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By Stephen Lega

Courtney Spalding held a candle in front of her as her obituary was being read. It was tough listening to someone describe how she had "died."


"I really started crying when I heard my own [obituary] because it was something my parents would have to go through," she said.

Spalding, a 17-year-old junior, hadn't really died, but she was one of the students chosen by the Grim Reaper to participate in the Ghost Out Wednesday at Marion County High School.

The Ghost Out was a reminder of the risks of drinking and driving.

That point was driven home by Stephanie Wardrip of Lincoln County, a woman who knows first-hand what the consequences of drunk driving can be. Wardrip's son, Branson Taylor Warner-Cummins, was 6 years old when he was killed by a drunk driver.

Wardrip shared photos of her son - playing with John Deere tractor toys, hanging out with his grandfather and graduating from kindergarten.

"This is the only graduation I will ever go to for Branson," she said as tears filled her eyes.

On the day he died, Branson was riding to Frankfort with his grandfather. Joseph Shreve was driving back from Ohio. The police found four empty beer cans and pill bottles in Shreve's vehicle after the accident, according to Wardrip.

Shreve is serving 25 years in prison as a result of the accident. He was convicted of first-degree wanton endangerment, second-degree assault and second-degree manslaughter. Last September, he was denied parole, which means he will serve his entire term.

While Wardrip will never get to see her son learn to drive, graduate or get married, Shreve will miss his own son's high school graduation.

"Joseph Shreve did not only ruin my family that day," she said. "He ruined his own."

After Wardrip's talk, Spalding, a dozen other students and teacher Coury Osbourne participated in the Reaper ceremony. All of the participants had been chosen by the Grim Reaper throughout the day to "die" as a result of a drunk driving accident.

Senior Brayon Skinnner, 17, said he and his friends had been talking about the Reaper during lunch when he was selected. He said he was given a T-shirt to wear and was instructed not to talk to anyone the rest of the day.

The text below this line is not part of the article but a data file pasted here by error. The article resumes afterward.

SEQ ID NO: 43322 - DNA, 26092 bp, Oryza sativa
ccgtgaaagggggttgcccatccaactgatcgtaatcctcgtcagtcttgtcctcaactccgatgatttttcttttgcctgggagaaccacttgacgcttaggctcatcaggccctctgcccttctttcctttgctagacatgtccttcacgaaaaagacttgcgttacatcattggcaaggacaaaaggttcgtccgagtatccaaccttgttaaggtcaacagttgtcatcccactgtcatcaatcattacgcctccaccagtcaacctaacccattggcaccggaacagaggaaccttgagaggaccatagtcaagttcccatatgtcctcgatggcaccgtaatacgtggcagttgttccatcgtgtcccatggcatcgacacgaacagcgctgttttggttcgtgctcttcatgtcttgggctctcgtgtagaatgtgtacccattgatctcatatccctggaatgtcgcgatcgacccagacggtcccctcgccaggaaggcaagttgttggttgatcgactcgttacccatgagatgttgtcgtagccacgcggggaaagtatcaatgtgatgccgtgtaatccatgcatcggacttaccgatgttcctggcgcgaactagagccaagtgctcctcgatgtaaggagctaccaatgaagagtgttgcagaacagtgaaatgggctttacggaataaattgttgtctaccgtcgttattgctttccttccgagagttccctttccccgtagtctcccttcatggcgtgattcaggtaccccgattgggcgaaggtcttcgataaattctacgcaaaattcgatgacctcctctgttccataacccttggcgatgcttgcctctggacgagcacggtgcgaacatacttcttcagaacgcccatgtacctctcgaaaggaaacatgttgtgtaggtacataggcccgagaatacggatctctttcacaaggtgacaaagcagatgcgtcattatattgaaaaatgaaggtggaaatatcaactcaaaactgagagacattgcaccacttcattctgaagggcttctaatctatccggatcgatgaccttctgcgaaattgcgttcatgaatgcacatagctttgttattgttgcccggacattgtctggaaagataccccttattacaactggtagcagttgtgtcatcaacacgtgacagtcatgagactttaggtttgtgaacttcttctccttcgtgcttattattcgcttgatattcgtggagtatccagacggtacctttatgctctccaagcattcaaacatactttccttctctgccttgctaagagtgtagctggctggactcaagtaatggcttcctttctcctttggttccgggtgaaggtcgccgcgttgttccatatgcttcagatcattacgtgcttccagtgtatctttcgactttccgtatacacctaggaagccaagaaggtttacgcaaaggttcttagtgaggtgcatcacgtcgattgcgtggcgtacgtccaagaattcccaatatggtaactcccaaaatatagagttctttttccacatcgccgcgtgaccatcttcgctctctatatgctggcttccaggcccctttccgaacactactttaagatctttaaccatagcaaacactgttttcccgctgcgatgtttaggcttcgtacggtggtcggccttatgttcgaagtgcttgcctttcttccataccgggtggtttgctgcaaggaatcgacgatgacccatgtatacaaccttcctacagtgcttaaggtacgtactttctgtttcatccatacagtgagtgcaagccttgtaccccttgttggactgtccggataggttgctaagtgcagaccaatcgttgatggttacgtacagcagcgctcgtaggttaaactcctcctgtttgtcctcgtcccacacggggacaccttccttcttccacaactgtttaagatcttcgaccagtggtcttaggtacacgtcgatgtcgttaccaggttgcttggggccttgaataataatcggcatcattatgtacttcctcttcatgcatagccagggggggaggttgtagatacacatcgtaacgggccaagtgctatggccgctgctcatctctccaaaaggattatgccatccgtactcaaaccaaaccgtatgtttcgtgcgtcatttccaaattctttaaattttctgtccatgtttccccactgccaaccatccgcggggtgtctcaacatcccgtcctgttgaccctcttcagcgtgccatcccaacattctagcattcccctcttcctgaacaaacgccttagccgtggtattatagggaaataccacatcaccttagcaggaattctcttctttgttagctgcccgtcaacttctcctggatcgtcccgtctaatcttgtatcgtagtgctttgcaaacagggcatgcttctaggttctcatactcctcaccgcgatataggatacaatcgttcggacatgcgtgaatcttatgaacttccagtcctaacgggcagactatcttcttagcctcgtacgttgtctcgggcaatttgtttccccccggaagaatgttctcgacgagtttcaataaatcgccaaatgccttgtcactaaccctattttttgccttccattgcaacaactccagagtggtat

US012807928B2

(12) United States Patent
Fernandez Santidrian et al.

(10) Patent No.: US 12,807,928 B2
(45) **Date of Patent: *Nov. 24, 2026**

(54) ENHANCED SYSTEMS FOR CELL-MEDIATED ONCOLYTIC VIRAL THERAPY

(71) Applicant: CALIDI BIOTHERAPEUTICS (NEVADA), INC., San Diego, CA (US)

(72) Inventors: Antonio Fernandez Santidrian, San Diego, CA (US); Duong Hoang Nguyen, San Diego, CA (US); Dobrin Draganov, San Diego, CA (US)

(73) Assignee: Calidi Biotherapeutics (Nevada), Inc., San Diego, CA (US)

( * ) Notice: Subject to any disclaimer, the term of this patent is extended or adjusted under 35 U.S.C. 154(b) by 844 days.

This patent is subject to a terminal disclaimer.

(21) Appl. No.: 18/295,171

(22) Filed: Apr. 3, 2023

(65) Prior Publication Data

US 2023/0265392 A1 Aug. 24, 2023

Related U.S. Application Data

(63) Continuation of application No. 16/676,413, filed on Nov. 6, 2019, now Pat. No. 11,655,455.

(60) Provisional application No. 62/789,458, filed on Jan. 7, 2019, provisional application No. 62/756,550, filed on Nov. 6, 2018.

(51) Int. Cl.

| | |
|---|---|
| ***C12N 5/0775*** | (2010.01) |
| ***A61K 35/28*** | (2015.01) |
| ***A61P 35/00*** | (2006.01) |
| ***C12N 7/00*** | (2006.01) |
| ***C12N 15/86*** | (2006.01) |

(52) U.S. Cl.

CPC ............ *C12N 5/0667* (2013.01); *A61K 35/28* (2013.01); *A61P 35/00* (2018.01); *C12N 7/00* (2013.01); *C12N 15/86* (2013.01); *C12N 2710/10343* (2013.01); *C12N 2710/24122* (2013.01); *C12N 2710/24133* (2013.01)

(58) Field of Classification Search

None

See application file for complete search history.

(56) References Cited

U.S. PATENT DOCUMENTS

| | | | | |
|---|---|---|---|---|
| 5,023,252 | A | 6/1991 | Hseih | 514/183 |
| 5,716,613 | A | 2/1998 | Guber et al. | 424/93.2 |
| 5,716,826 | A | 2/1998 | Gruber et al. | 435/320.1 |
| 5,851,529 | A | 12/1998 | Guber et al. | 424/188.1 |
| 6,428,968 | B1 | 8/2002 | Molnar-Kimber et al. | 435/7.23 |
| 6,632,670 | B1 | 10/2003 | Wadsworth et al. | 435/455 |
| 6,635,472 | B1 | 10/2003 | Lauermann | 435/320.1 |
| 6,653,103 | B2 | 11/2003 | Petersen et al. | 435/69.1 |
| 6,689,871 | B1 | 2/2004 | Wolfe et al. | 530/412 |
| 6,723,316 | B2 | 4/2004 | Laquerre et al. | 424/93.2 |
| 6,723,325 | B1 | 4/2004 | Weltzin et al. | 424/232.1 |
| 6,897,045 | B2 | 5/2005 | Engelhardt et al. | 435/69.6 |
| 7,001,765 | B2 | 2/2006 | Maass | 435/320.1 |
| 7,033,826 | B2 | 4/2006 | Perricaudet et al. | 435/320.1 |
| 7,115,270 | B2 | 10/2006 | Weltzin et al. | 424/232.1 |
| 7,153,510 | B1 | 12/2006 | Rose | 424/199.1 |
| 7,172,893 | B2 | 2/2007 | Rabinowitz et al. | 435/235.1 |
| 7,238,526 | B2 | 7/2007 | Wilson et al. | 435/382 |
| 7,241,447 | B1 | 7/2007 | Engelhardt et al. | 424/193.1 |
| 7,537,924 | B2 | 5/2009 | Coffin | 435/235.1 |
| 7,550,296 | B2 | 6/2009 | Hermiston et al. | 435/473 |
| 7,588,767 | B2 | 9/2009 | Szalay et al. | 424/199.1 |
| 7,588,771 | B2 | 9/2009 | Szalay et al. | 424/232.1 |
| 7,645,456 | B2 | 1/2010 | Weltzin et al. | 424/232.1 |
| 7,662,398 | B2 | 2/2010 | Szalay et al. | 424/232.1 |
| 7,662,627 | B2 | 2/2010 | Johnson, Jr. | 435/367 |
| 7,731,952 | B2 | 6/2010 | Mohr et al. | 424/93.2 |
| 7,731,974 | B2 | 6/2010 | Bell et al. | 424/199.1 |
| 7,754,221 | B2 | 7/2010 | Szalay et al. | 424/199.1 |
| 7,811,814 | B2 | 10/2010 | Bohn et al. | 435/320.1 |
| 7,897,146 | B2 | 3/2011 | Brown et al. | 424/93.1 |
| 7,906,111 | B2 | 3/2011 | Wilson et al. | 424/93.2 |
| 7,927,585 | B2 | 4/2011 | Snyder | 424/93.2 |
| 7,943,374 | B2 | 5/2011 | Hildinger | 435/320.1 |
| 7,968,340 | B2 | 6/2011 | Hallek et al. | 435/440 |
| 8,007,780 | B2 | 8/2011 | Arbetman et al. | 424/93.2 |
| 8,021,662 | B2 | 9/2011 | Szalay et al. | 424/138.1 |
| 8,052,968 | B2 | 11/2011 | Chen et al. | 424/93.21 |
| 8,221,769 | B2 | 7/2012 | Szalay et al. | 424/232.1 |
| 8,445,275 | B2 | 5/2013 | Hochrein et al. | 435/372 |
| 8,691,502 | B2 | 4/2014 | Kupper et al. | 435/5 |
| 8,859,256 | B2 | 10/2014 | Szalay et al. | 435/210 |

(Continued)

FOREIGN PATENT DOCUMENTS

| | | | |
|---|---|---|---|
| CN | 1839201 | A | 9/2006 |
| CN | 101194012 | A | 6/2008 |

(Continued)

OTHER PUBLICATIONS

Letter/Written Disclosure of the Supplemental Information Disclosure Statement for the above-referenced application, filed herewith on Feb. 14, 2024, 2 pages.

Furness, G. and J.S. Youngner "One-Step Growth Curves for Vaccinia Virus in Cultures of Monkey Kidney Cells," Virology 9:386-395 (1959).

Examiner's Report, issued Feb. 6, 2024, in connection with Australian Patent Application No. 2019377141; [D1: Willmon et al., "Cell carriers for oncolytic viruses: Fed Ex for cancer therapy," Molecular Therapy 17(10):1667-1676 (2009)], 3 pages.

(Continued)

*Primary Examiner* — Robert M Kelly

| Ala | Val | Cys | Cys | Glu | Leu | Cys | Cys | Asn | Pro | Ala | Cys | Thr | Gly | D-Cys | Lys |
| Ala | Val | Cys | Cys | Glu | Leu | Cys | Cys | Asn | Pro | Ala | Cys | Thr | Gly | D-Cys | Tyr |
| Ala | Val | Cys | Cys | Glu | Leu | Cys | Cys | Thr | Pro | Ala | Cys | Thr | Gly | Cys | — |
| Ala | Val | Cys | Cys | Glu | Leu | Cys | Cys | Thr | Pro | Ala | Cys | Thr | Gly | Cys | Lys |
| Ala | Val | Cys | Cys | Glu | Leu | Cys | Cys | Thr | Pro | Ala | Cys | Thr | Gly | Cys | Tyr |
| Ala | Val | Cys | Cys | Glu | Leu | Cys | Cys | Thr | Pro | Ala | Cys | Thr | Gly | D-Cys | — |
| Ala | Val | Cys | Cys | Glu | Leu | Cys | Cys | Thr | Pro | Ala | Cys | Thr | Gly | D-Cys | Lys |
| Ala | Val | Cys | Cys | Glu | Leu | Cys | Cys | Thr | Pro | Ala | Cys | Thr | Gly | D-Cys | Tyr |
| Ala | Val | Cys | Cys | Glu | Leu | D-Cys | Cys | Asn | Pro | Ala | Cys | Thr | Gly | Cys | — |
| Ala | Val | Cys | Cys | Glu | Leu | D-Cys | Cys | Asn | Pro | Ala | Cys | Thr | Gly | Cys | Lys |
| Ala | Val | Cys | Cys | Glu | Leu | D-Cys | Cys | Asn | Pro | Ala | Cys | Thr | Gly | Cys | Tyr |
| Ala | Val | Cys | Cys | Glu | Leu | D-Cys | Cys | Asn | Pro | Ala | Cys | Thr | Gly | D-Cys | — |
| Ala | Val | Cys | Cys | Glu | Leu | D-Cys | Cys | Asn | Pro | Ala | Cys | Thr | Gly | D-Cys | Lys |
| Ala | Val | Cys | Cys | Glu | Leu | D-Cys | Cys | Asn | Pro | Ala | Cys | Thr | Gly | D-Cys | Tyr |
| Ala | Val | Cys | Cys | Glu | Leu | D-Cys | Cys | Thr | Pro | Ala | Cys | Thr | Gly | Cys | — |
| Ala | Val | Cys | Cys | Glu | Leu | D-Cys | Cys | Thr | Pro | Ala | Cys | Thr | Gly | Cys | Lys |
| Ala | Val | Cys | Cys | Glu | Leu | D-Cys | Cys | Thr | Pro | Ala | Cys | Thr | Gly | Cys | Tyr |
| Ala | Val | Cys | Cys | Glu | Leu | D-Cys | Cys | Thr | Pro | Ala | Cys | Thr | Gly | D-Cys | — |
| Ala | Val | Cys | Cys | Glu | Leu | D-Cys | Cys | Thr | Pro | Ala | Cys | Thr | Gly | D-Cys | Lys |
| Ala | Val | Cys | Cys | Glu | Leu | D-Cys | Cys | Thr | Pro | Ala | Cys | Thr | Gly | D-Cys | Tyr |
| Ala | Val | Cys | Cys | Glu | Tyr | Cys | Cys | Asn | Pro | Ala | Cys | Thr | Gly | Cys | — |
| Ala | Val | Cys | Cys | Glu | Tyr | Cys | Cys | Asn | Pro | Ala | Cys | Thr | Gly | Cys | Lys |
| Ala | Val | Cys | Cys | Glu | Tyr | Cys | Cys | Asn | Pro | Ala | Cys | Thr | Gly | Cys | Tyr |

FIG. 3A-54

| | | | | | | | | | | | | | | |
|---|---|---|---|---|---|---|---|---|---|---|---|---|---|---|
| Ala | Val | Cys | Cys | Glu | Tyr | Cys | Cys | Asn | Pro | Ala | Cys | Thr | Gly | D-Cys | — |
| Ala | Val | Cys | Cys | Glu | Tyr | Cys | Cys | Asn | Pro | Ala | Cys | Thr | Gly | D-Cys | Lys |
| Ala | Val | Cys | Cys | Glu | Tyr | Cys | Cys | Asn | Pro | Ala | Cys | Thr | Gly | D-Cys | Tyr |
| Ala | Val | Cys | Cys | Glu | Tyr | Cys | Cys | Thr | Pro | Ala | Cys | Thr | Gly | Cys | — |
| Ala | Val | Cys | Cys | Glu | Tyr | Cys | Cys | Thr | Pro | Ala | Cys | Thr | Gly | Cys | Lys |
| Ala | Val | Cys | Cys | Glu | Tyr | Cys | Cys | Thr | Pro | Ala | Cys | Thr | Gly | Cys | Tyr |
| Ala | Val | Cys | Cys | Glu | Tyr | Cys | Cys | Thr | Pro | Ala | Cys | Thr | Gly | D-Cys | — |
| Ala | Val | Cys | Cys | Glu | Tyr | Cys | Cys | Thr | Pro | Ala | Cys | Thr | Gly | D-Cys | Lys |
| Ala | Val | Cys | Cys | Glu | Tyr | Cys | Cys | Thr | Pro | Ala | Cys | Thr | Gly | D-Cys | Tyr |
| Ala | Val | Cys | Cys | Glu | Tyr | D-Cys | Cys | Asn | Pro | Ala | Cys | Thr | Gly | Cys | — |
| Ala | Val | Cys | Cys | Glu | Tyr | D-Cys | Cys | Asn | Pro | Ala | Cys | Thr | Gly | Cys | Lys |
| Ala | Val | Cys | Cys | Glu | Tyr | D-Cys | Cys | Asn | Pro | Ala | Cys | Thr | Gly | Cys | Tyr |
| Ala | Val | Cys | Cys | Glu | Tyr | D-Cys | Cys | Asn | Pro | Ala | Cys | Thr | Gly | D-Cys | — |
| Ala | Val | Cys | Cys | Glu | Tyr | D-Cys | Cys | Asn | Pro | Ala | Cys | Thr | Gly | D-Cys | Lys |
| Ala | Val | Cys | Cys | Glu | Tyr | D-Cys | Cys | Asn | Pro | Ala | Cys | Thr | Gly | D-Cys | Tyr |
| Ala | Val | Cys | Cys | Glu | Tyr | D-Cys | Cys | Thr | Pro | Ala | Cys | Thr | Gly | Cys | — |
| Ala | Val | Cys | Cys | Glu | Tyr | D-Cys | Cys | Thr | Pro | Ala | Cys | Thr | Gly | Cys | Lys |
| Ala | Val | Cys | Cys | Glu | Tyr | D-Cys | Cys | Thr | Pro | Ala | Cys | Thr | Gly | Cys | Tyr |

They also had to write about their "death".

"It was crazy that we had to write our own obituaries," Skinner said. "That's something I never thought I'd be doing."

Spalding said writing the obituary was one of the more difficult parts of the Ghost Out experience.

"I would hate to see that happen to any of my friends," she said. "To me, it was the worst thing that I've had to do even though it wasn't real."

Osbourne was the only teacher selected by the Grim Reaper. She agreed with Spalding that writing the obituary was hard to do.

But she also said that she believed the message about the dangers of drinking and driving got through to the students. Osbourne said she saw students crying as they left the ceremony, and she heard her own students say that Wardrip's story was powerful.

During the ceremony, Elizabeth Creed, the Marion County family and consumer sciences extension agent, read the obituaries for each of the high school's 14 "victims" of drinking and driving. As the obituaries were read, the Grim Reaper touched them, one at a time. As they were touched, each victim then blew out his or her candle, laid down and was covered by a white sheet.

Skinner, for one, understood what the program was trying to say about drinking and driving.

"It's very dangerous," he said. "Anything can happen at any time."

Spalding also recognized that the impact of drinking and driving goes beyond just the person who does it.

"It's not only hurting you, but the people around you," she said.